BOX 5.1

Heilmeier Criteria

When George Heilmeier was DARPA director in the mid 1970s he developed a set of pithy questions to ask research program managers when they proposed new program ideas. That set of questions has persisted, and it continues to be applied in various forms by research managers everywhere. Here is a composite rendering of the questions, along with some commentary regarding research program management.

  1. What are you trying to do? Explain objectives using no jargon. The scope of the project must be defined, as well as the key stakeholders in the outcome. The purpose of “no jargon,” in part, is to assure that the scope and value can be described in ways that individuals outside the immediate field can appreciate the context and value of what is proposed.

  2. How is it done today? What are the limits of current practice? This is an accounting of the baseline state, the value it delivers, the limits on what can be done in the present configuration, and, to some extent, the pain experience as a consequence of those limits.

  3. What’s new in your approach? Why do you think it will be successful? Often the novelty is less in the form of a dramatically “new idea,” but rather in the convergence of existing ideas and new developments elsewhere in the field. A cynical view of “cloud computing,” for example, is that it is a delivery on the dream of “utility computing” articulated in the early 1960s at the dawn of the era of timesharing. Cloud, of course, takes this idea many steps forward in scalability, capability, and other ways. In other words, it is less important that the idea be “novel,” but rather timely, potentially game changing, and feasible. Feasibility, in this context, does not mean free of risk, but rather that the dependencies on infrastructure and other elements of the package are realistic. Feasibility also means that there are potential research performers who have the means and motive to engage on the topic. For academic research, this means the ability to build a capable team of PhD students, engineering staff as required, potential transition partners, collaborators at other institutions, etc.

  4. If you’re successful, what difference will it make? To whom? This is an identification of stakeholders, and in addition an indication of potential pathways from research results to impact. For many research projects related to computing and software, those pathways can be complex. These complexities are discussed in the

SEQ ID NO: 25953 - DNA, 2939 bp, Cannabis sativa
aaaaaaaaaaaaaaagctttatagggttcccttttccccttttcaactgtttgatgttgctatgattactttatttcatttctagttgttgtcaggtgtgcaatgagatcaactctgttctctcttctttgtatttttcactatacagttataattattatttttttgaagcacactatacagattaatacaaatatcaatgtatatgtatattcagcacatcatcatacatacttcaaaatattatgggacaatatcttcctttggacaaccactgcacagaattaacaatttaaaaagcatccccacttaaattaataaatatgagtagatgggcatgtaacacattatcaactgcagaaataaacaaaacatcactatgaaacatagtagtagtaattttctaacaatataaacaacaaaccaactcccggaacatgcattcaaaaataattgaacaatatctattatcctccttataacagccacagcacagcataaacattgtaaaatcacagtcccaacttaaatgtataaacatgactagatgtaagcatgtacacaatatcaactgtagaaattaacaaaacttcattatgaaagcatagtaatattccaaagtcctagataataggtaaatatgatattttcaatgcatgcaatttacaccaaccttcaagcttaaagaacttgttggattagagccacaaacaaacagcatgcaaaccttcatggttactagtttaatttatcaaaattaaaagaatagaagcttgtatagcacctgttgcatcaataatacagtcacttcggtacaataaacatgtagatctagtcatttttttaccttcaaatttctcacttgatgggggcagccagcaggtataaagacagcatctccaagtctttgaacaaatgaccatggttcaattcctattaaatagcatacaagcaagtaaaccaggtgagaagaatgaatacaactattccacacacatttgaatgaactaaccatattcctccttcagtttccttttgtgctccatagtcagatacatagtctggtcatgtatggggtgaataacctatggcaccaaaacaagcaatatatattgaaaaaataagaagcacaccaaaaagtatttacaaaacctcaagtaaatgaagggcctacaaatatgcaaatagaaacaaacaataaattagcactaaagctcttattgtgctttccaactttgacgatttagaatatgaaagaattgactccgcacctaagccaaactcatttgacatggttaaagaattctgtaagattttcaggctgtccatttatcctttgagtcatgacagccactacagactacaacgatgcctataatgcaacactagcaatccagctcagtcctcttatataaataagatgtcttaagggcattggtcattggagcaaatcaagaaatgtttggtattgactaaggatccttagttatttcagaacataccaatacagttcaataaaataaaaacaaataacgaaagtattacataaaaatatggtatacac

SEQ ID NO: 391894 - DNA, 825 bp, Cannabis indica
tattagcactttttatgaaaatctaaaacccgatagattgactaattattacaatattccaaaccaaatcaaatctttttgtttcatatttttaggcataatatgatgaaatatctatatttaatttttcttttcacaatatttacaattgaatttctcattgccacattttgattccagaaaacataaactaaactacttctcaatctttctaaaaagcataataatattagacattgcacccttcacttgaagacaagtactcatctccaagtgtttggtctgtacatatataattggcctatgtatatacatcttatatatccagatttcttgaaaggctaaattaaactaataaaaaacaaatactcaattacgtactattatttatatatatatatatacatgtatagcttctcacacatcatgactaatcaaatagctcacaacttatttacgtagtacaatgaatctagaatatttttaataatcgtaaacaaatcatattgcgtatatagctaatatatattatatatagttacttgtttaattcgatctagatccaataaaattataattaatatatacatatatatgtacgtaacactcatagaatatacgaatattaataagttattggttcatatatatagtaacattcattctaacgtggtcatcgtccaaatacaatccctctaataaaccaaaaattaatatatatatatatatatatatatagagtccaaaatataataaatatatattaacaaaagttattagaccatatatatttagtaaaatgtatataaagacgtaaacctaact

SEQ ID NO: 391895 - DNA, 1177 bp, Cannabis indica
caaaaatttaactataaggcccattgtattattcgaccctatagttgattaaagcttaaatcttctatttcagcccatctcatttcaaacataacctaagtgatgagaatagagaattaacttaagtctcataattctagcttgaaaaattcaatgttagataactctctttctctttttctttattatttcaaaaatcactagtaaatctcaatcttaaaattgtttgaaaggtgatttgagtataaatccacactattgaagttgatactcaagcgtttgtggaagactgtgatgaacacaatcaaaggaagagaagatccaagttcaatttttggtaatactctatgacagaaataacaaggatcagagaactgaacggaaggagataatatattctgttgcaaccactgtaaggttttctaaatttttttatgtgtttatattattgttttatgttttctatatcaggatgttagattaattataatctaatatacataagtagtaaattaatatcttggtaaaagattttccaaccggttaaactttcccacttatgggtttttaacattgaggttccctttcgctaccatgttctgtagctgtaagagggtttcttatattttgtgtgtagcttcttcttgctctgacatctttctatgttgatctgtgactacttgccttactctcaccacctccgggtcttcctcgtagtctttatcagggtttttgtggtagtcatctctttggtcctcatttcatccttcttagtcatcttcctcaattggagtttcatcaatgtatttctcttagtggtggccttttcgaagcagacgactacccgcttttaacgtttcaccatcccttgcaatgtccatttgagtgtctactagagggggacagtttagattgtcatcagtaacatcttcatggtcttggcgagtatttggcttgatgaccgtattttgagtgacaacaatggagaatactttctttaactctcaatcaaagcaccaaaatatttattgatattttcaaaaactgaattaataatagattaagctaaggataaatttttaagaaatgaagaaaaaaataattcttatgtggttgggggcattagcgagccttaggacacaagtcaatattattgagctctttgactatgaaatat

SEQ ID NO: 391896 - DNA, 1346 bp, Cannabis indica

undiminished for several decades and perhaps is accelerating because of a now-global involvement in advancing IT. Given the rapid change intrinsic to IT, the research community (in academia and in industry, especially start-up companies) serves not only as a source of solutions to the hardest problems, a source of new concepts and ideas, and a source of trained people with high levels of expertise, but also as a bellwether, in the sense that it anticipates and provides early warning of important technological changes. For software, the potential for surprise is heightened by a combination of the rapid growth of globalization, the concurrent movement up the value chain of places to which R&D has been outsourced, and the explicit investments from national governments and the European Union in advancing national technological capability. Given the role of externalities in IT economics, it is not unreasonable to expect the innovation center of gravity to change rapidly in many key areas, which could shift control in critical areas of the technology ecosystems described above. This is already happening in several areas of IT infrastructure, such as chip manufacturing. In this sense, the research community has a critical role in defense-critical areas that are experiencing rapid change. A consequence of this role is the availability of top talent to address critical software-related defense problems as they arise.

The fourth component of the academic R&D value proposition is non-appropriable invention, as described in Chapter 1. This is one of the several forms of innovation carried out by the university



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